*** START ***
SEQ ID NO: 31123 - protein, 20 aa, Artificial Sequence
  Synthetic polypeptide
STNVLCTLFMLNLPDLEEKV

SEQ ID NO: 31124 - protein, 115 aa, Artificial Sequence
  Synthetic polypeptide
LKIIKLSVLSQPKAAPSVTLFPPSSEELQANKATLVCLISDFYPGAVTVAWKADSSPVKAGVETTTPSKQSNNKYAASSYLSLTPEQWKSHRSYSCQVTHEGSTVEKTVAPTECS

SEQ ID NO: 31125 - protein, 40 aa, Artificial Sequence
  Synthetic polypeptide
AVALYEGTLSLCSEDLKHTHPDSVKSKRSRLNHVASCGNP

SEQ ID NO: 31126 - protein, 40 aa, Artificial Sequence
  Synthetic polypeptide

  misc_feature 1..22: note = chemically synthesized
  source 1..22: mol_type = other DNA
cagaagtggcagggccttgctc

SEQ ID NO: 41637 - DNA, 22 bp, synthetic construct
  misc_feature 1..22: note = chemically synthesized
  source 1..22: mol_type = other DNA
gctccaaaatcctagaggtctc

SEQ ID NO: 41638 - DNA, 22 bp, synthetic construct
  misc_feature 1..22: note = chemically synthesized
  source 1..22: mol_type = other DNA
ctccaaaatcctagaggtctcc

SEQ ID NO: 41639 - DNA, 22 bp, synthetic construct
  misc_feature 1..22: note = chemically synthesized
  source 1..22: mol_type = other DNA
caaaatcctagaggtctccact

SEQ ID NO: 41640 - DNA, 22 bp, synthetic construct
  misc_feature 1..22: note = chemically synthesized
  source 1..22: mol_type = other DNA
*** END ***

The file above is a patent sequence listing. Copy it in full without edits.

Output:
SEQ ID NO: 31123 - protein, 20 aa, Artificial Sequence
  Synthetic polypeptide
STNVLCTLFMLNLPDLEEKV

SEQ ID NO: 31124 - protein, 115 aa, Artificial Sequence
  Synthetic polypeptide
LKIIKLSVLSQPKAAPSVTLFPPSSEELQANKATLVCLISDFYPGAVTVAWKADSSPVKAGVETTTPSKQSNNKYAASSYLSLTPEQWKSHRSYSCQVTHEGSTVEKTVAPTECS

SEQ ID NO: 31125 - protein, 40 aa, Artificial Sequence
  Synthetic polypeptide
AVALYEGTLSLCSEDLKHTHPDSVKSKRSRLNHVASCGNP

SEQ ID NO: 31126 - protein, 40 aa, Artificial Sequence
  Synthetic polypeptide

  misc_feature 1..22: note = chemically synthesized
  source 1..22: mol_type = other DNA
cagaagtggcagggccttgctc

SEQ ID NO: 41637 - DNA, 22 bp, synthetic construct
  misc_feature 1..22: note = chemically synthesized
  source 1..22: mol_type = other DNA
gctccaaaatcctagaggtctc

SEQ ID NO: 41638 - DNA, 22 bp, synthetic construct
  misc_feature 1..22: note = chemically synthesized
  source 1..22: mol_type = other DNA
ctccaaaatcctagaggtctcc

SEQ ID NO: 41639 - DNA, 22 bp, synthetic construct
  misc_feature 1..22: note = chemically synthesized
  source 1..22: mol_type = other DNA
caaaatcctagaggtctccact

SEQ ID NO: 41640 - DNA, 22 bp, synthetic construct
  misc_feature 1..22: note = chemically synthesized
  source 1..22: mol_type = other DNA